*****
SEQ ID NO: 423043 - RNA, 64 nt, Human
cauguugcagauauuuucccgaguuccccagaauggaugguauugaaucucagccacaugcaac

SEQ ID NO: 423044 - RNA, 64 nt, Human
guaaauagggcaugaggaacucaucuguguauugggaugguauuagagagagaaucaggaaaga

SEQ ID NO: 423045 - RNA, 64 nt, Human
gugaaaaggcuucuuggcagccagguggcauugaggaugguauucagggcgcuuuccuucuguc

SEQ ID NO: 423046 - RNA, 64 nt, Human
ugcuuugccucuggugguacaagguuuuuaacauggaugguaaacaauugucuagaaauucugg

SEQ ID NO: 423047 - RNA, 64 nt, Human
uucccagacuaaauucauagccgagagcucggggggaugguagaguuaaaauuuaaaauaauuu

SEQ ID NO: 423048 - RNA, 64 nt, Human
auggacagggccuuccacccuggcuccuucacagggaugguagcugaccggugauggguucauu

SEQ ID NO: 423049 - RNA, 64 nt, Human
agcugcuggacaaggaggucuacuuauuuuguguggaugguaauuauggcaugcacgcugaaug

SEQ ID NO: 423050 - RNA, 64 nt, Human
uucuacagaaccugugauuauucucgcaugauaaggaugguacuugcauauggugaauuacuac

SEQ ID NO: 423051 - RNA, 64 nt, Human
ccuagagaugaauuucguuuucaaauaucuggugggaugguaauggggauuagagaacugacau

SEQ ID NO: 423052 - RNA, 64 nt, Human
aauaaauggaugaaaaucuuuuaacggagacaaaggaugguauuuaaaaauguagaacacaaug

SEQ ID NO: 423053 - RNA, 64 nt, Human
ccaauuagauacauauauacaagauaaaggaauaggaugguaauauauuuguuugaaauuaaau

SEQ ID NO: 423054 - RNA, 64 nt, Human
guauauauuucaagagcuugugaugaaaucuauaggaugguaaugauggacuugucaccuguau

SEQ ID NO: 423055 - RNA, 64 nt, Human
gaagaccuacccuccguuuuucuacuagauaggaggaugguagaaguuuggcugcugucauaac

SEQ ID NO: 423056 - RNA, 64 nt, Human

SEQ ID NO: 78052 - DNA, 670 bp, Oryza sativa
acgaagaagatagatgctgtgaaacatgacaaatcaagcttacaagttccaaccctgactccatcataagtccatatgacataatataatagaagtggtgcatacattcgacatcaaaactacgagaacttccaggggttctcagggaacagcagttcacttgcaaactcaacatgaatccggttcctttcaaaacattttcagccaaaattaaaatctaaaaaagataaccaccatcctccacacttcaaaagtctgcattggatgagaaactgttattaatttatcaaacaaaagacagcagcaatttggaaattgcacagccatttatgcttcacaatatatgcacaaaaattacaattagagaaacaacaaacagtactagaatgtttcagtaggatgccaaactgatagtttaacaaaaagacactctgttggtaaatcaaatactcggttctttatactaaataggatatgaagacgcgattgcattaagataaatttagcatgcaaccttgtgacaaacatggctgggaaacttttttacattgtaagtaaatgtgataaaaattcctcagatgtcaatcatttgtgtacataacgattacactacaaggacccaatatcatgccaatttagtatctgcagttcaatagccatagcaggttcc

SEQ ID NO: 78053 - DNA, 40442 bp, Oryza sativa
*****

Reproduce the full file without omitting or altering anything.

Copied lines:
SEQ ID NO: 423043 - RNA, 64 nt, Human
cauguugcagauauuuucccgaguuccccagaauggaugguauugaaucucagccacaugcaac

SEQ ID NO: 423044 - RNA, 64 nt, Human
guaaauagggcaugaggaacucaucuguguauugggaugguauuagagagagaaucaggaaaga

SEQ ID NO: 423045 - RNA, 64 nt, Human
gugaaaaggcuucuuggcagccagguggcauugaggaugguauucagggcgcuuuccuucuguc

SEQ ID NO: 423046 - RNA, 64 nt, Human
ugcuuugccucuggugguacaagguuuuuaacauggaugguaaacaauugucuagaaauucugg

SEQ ID NO: 423047 - RNA, 64 nt, Human
uucccagacuaaauucauagccgagagcucggggggaugguagaguuaaaauuuaaaauaauuu

SEQ ID NO: 423048 - RNA, 64 nt, Human
auggacagggccuuccacccuggcuccuucacagggaugguagcugaccggugauggguucauu

SEQ ID NO: 423049 - RNA, 64 nt, Human
agcugcuggacaaggaggucuacuuauuuuguguggaugguaauuauggcaugcacgcugaaug

SEQ ID NO: 423050 - RNA, 64 nt, Human
uucuacagaaccugugauuauucucgcaugauaaggaugguacuugcauauggugaauuacuac

SEQ ID NO: 423051 - RNA, 64 nt, Human
ccuagagaugaauuucguuuucaaauaucuggugggaugguaauggggauuagagaacugacau

SEQ ID NO: 423052 - RNA, 64 nt, Human
aauaaauggaugaaaaucuuuuaacggagacaaaggaugguauuuaaaaauguagaacacaaug

SEQ ID NO: 423053 - RNA, 64 nt, Human
ccaauuagauacauauauacaagauaaaggaauaggaugguaauauauuuguuugaaauuaaau

SEQ ID NO: 423054 - RNA, 64 nt, Human
guauauauuucaagagcuugugaugaaaucuauaggaugguaaugauggacuugucaccuguau

SEQ ID NO: 423055 - RNA, 64 nt, Human
gaagaccuacccuccguuuuucuacuagauaggaggaugguagaaguuuggcugcugucauaac

SEQ ID NO: 423056 - RNA, 64 nt, Human

SEQ ID NO: 78052 - DNA, 670 bp, Oryza sativa
acgaagaagatagatgctgtgaaacatgacaaatcaagcttacaagttccaaccctgactccatcataagtccatatgacataatataatagaagtggtgcatacattcgacatcaaaactacgagaacttccaggggttctcagggaacagcagttcacttgcaaactcaacatgaatccggttcctttcaaaacattttcagccaaaattaaaatctaaaaaagataaccaccatcctccacacttcaaaagtctgcattggatgagaaactgttattaatttatcaaacaaaagacagcagcaatttggaaattgcacagccatttatgcttcacaatatatgcacaaaaattacaattagagaaacaacaaacagtactagaatgtttcagtaggatgccaaactgatagtttaacaaaaagacactctgttggtaaatcaaatactcggttctttatactaaataggatatgaagacgcgattgcattaagataaatttagcatgcaaccttgtgacaaacatggctgggaaacttttttacattgtaagtaaatgtgataaaaattcctcagatgtcaatcatttgtgtacataacgattacactacaaggacccaatatcatgccaatttagtatctgcagttcaatagccatagcaggttcc

SEQ ID NO: 78053 - DNA, 40442 bp, Oryza sativa